AbstractThe gas turbine has been widely used for mechanical drive, electric power generation and jet propulsion. Challenged by strict CO2 emission regulations and competition between manufacturers, designers push the boundaries for an ever more efficient gas turbine. The cycle efficiency of the gas turbine is a crucial parameter that drives the engine performance and fuel burn. Improved cycle efficiency can be achieved by raising the turbine entry temperature, as well as the pressure ratio across the compressor. Today’s gas turbine engines use bypass cooling air from the high-pressure compressor, to cool down the seal disc cavities and extend the life cycle of critical components in the stage. The cooling air (secondary system) can account for 25% of the total bypass air, approximately 5% of the total bypass air is used to seal the disc cavities. To further enhance the benefits of the sealing flow (cooling air), rim seals are fitted at the periphery of both, stationary and rotating discs. Rim seals help to further reduce the ingestion of hot mainstream gases (combustion chamber gases) that can cause damage to the discs and blade roots. The cause of hot gas ingestion is principally due to the circumferential pressure asymmetry in the mainstream flow, furthermore, the mixing between the sealing flow and mainstream gas, results in a deterioration of aerodynamic performance.
The first part of this thesis concerns experiments using a 1.5-stage turbine rig, from which the flow physics associated with ingestion could be studied. This thesis presents experimental results using the turbine test rig with wheel-spaces, upstream and downstream of a rotor disc. Ingress and egress were quantified using a CO2 concentration probe. The probe measurements have identified an outer region in the wheel-space and showed a flow structure consistent with Batchelor-type flow. This is the first time asymmetric variations of concentration have been shown to penetrate through the seal clearance and the outer portion of the wheel-space. For a given flow coefficient in the annulus, the concentration profiles were invariant with rotational Reynolds number. The measurements reveal that egress flow provides a film-cooling benefit, on the vane and rotor platforms.
The second part of this thesis investigates the effects of ingress through a double radial rim seal. The effect of the vanes and blades on ingress was investigated by a series of carefully controlled experiments: firstly, the position of the vane relative to the rim seal was varied; secondly, the effect of the rotor blades was isolated using a disc with and without blades. Measurements of steady pressure in the annulus show a strong influence of the vane position. The relationship between sealing effectiveness and purge flow rate, exhibited a pronounced inflexion for intermediate levels of purge; an inflexion did not occur for the experiments with a bladeless rotor. Shifting the vane closer to the rim seal, and therefore the blade, caused a local increase in ingress, at the inflexion region; again, this effect was not observed in the bladeless experiments. Unsteady pressure measurements revealed the existence of large-scale flow structures (flow instabilities) which depended weakly on the vane position but strongly on the sealing flow rate. Unsteady pressure was measured with and without the blades on the rotor disc. In all cases, the flow structures rotated close to the disc speed.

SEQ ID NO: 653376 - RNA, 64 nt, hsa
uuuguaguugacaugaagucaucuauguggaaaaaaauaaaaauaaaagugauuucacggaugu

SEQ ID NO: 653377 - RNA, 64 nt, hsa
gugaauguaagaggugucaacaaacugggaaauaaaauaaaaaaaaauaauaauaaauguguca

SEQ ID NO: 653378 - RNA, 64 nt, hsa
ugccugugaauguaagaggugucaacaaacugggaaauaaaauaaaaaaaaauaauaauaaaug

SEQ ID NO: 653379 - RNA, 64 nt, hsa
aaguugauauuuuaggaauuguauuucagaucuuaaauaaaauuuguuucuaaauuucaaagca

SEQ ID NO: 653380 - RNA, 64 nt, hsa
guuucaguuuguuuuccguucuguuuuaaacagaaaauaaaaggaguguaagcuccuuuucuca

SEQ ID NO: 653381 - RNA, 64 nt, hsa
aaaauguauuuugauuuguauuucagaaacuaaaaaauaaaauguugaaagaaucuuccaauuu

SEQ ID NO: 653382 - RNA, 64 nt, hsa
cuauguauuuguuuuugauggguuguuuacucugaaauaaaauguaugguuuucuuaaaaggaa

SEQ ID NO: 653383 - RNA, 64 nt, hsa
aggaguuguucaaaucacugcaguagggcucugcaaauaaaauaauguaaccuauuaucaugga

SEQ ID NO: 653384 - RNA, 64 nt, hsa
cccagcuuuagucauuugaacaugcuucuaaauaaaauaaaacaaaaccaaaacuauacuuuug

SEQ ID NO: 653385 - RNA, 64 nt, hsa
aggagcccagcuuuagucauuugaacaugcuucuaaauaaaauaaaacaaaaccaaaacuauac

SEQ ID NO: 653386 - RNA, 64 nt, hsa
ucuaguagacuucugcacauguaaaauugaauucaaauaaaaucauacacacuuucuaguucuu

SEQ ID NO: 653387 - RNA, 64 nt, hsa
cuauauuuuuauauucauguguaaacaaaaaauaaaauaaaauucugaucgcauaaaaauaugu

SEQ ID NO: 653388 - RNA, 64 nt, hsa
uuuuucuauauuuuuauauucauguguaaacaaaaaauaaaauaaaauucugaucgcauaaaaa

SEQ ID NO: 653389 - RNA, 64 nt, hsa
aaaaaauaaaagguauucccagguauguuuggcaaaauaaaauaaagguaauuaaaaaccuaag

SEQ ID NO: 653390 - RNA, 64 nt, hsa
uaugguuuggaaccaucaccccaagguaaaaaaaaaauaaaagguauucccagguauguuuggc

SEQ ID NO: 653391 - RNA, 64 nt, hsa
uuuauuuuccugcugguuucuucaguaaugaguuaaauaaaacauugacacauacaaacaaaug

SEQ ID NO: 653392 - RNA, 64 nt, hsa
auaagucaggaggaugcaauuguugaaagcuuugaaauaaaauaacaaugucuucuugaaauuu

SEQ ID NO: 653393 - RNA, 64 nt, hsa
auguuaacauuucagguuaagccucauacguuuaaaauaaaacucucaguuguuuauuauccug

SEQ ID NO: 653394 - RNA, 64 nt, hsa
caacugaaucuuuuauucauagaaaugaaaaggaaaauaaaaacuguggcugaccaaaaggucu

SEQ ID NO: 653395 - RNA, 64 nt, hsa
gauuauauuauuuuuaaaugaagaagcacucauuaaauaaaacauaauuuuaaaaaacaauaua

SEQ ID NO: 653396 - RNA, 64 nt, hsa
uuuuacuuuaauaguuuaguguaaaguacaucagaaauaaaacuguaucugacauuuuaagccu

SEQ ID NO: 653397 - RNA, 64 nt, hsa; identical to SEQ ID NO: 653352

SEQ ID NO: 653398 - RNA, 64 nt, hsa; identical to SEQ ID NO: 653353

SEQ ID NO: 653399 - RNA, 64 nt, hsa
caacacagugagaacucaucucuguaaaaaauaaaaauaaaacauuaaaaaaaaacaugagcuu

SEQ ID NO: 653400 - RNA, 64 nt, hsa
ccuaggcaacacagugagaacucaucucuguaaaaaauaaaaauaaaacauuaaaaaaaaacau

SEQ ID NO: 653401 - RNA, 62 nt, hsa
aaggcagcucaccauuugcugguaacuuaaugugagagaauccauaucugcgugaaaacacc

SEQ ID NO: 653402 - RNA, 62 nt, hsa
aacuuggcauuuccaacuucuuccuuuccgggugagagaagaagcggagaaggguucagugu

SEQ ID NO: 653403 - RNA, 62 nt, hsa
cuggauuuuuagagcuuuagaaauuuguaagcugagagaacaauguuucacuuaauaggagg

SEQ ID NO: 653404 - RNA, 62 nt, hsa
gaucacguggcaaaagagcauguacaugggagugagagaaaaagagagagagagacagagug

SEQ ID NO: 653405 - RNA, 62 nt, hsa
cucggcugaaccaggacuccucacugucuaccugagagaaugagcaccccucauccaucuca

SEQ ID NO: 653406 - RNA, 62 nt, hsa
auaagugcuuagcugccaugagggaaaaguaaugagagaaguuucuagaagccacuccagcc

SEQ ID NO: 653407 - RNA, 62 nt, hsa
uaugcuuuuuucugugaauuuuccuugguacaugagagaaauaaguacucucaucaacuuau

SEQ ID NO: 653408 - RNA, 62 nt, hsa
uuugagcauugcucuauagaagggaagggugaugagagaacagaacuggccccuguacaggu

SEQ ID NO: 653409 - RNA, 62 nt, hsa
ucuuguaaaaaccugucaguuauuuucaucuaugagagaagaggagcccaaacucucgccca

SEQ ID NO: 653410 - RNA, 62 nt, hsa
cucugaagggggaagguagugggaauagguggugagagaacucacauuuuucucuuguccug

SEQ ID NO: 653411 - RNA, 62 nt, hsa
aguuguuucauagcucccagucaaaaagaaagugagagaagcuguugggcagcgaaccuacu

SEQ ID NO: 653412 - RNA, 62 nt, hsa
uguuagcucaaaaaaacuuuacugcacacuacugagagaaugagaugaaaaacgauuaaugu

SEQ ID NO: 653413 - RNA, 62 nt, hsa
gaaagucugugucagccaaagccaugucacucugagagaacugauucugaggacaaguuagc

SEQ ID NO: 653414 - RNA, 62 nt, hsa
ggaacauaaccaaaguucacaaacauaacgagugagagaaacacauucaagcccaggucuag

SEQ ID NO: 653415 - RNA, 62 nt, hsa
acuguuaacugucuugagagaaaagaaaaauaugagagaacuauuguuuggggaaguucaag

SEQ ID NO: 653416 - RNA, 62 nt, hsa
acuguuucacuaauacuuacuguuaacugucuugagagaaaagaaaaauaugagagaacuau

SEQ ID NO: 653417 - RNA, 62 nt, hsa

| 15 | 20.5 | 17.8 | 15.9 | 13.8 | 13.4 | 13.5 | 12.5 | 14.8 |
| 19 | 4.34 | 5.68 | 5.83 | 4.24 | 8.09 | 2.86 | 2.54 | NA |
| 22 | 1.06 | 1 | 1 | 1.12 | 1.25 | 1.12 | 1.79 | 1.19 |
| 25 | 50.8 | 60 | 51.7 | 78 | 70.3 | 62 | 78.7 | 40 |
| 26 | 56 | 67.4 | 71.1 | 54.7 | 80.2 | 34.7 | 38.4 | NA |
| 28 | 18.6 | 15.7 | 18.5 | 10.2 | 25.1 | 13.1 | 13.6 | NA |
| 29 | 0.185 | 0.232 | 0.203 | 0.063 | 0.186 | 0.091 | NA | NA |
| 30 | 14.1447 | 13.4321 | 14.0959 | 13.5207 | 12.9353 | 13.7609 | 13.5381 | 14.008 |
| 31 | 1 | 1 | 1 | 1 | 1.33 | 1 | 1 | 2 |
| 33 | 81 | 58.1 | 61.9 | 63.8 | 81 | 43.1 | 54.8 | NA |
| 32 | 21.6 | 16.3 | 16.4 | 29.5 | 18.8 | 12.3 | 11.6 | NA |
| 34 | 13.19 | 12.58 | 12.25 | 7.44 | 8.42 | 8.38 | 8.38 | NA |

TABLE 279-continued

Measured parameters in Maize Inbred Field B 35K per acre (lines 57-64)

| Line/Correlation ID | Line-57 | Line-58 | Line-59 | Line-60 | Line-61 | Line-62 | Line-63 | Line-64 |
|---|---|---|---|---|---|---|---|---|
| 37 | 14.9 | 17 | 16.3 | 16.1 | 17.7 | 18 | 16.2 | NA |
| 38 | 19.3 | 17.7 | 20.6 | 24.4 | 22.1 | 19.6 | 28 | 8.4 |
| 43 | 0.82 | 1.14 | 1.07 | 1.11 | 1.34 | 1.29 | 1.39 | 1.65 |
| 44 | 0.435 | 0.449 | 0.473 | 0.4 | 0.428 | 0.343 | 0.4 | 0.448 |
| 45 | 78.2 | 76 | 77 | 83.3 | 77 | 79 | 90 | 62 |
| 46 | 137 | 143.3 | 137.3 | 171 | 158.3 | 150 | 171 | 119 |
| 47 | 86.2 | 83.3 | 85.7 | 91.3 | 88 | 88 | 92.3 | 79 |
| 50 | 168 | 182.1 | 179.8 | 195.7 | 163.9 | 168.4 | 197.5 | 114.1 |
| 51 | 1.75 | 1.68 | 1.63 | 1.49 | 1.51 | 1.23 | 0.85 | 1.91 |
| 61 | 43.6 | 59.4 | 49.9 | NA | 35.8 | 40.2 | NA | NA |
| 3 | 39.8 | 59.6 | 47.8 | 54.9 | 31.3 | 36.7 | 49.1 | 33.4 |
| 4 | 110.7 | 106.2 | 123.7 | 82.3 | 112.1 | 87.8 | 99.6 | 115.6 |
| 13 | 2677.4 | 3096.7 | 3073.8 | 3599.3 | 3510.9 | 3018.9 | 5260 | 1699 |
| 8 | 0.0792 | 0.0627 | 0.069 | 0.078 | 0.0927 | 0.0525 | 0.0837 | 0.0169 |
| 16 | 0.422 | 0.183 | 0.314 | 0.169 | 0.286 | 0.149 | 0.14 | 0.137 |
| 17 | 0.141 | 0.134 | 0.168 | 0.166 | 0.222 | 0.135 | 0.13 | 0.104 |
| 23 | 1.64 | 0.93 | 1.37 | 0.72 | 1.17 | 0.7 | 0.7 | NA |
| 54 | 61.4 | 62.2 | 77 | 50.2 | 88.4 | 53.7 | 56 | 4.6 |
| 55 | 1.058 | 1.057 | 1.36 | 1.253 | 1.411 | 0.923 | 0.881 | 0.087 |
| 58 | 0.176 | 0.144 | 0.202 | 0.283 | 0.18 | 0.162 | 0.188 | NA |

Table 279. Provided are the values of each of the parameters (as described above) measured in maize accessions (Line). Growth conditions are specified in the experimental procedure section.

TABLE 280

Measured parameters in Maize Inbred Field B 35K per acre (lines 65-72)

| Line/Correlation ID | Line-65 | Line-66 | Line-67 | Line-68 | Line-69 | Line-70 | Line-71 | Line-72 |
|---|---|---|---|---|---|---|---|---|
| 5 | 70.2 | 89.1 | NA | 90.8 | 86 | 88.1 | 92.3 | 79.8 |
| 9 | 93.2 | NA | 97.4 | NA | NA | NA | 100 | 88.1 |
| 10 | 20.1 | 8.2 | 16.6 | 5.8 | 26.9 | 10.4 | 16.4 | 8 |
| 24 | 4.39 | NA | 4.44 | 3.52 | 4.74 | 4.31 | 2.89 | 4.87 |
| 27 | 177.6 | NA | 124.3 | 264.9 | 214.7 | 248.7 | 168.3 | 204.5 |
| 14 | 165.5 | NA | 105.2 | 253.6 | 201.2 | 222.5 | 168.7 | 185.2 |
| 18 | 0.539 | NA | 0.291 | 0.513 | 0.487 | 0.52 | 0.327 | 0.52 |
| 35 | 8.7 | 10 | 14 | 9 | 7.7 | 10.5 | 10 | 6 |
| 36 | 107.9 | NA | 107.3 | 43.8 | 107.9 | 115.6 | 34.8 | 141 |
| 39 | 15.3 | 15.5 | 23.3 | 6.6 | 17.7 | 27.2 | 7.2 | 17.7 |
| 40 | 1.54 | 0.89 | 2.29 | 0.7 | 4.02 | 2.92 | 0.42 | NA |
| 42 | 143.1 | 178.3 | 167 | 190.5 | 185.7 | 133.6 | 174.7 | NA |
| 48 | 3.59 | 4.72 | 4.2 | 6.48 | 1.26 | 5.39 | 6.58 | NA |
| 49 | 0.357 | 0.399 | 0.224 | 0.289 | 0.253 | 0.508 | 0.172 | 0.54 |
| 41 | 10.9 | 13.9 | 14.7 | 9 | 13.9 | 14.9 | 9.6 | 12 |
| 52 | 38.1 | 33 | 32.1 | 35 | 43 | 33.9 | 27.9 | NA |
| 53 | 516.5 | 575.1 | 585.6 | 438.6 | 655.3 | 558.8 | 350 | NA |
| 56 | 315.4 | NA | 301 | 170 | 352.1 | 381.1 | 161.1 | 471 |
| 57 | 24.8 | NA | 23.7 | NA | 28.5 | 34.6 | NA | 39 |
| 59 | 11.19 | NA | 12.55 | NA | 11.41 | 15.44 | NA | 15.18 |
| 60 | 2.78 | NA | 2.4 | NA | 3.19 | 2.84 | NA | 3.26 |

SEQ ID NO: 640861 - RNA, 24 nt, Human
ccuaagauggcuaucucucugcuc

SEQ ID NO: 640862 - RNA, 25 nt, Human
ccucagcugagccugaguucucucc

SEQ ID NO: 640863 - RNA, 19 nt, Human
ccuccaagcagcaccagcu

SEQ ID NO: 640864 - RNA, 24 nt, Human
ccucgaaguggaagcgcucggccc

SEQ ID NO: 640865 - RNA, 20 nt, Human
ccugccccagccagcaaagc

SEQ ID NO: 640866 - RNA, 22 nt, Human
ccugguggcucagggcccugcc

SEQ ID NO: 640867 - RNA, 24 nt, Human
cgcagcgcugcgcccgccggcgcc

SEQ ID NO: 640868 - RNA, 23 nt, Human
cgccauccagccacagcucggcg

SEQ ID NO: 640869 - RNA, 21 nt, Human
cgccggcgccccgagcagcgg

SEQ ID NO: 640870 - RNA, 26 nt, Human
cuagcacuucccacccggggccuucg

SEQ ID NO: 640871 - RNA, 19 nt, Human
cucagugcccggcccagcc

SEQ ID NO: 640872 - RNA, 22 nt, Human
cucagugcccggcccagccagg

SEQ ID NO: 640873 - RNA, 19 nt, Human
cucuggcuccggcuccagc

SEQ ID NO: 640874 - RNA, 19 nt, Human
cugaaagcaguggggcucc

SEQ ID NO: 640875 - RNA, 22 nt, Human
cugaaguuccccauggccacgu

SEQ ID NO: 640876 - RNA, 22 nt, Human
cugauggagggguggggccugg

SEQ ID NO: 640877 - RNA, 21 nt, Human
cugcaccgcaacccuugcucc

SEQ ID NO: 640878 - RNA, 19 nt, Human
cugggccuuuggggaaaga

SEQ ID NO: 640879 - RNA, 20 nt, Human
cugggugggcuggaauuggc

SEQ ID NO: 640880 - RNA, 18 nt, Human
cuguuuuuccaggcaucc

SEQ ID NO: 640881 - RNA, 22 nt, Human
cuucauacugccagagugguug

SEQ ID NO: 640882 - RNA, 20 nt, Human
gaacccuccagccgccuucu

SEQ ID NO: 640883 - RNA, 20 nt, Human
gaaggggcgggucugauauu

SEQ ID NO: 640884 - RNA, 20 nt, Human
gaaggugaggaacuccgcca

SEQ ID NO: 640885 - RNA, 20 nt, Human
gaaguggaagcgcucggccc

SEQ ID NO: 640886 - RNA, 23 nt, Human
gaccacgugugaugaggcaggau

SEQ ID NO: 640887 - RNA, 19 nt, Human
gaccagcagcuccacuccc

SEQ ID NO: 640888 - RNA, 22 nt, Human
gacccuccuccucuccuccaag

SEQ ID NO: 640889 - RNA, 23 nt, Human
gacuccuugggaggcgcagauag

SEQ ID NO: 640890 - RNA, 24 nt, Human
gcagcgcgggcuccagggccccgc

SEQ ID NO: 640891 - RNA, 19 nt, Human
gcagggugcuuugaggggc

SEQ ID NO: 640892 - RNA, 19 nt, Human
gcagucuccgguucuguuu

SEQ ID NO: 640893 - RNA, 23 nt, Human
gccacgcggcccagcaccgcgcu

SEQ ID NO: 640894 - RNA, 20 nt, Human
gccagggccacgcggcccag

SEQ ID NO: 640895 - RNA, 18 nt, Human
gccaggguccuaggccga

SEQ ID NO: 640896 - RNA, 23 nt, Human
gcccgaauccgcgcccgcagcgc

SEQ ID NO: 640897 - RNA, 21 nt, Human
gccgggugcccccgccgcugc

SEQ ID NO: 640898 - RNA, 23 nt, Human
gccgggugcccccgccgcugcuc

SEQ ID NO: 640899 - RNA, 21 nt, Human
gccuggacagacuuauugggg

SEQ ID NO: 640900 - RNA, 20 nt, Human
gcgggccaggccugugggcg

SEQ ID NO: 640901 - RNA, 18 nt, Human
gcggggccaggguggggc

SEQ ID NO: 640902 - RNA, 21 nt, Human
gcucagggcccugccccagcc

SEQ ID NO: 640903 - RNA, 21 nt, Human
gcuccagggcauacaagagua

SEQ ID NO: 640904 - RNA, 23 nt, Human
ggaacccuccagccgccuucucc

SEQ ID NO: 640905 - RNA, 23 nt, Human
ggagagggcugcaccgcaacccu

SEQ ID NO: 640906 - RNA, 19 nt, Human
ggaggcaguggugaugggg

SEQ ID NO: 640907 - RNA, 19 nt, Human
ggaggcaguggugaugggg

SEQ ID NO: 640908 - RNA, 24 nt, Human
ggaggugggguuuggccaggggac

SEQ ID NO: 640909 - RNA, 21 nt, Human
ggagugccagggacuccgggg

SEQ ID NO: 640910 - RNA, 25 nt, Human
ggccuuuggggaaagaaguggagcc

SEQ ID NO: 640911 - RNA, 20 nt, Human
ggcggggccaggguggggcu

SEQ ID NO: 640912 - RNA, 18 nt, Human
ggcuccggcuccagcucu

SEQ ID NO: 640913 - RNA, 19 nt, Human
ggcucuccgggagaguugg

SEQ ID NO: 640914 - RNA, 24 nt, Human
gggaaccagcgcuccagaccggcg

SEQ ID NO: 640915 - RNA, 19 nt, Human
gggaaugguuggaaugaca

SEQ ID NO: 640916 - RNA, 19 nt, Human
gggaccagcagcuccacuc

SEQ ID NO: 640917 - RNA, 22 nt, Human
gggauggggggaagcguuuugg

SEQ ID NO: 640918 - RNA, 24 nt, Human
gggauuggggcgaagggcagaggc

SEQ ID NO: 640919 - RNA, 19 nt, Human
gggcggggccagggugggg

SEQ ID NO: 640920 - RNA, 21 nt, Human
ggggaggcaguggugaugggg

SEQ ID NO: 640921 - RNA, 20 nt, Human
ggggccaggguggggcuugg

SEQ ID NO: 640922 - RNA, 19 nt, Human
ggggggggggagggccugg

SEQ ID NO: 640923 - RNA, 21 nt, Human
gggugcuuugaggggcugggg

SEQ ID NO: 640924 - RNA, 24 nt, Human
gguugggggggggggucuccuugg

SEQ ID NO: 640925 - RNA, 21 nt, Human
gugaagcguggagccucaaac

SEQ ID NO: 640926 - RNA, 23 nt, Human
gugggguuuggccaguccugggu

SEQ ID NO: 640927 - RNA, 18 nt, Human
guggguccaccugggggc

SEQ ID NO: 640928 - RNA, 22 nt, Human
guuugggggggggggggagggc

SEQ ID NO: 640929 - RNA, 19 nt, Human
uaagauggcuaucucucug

The third part of this thesis involves, experiments and computations of flow through a gas turbine chute seal. The study investigates ingress and the phenomena of flow instabilities. The aim of this study is to investigate the steady and unsteady flow features, near the rim seal mixing plane, for a geometrically scaled stage with a chute seal. The work presented here forms part of a future partnership with the KTH Royal Institute of Technology, to study the effect of engine scaling on ingress. Experiments and computations for; pressure, swirl and sealing effectiveness, were done at an engine representative turbulent flow (T) condition. Under this condition, an engine representative wheel-space flow structure exists. CFD results suggest that flow instabilities influence ingress, instabilities caused by a shear interaction between the egress and mainstream. This supports the hypothesis of flow instabilities being driven by shear gradients.
The final part of this thesis investigates re-ingestion. A mixture of upstream egress flow and mainstream, gets re-ingested in the downstream wheel-space. Re-ingestion was experimentally measured and evaluated using a model developed by Prof. Mike Owen. To the author’s knowledge, it is the first time this methodology has been applied to quantify re-ingested fluid in downstream wheel-space. The results showed that the upstream egress does not influence the fluid dynamics, downstream of the rotor blades. The experiments were conducted at incompressible flow conditions. Probe concentration measurements demonstrated that, an interaction occurs between the re-ingested fluid and the downstream egress flow, at the rim seal mixing region. Re-ingestion was evaluated for a range of sealing flow rates. It was shown that the mass fraction of re-ingestion increases with increasing downstream seeded sealing flow rate.
|Date of Award||13 May 2020|
|Supervisor||James Scobie (Supervisor), Gary Lock (Supervisor) & Carl Sangan (Supervisor)|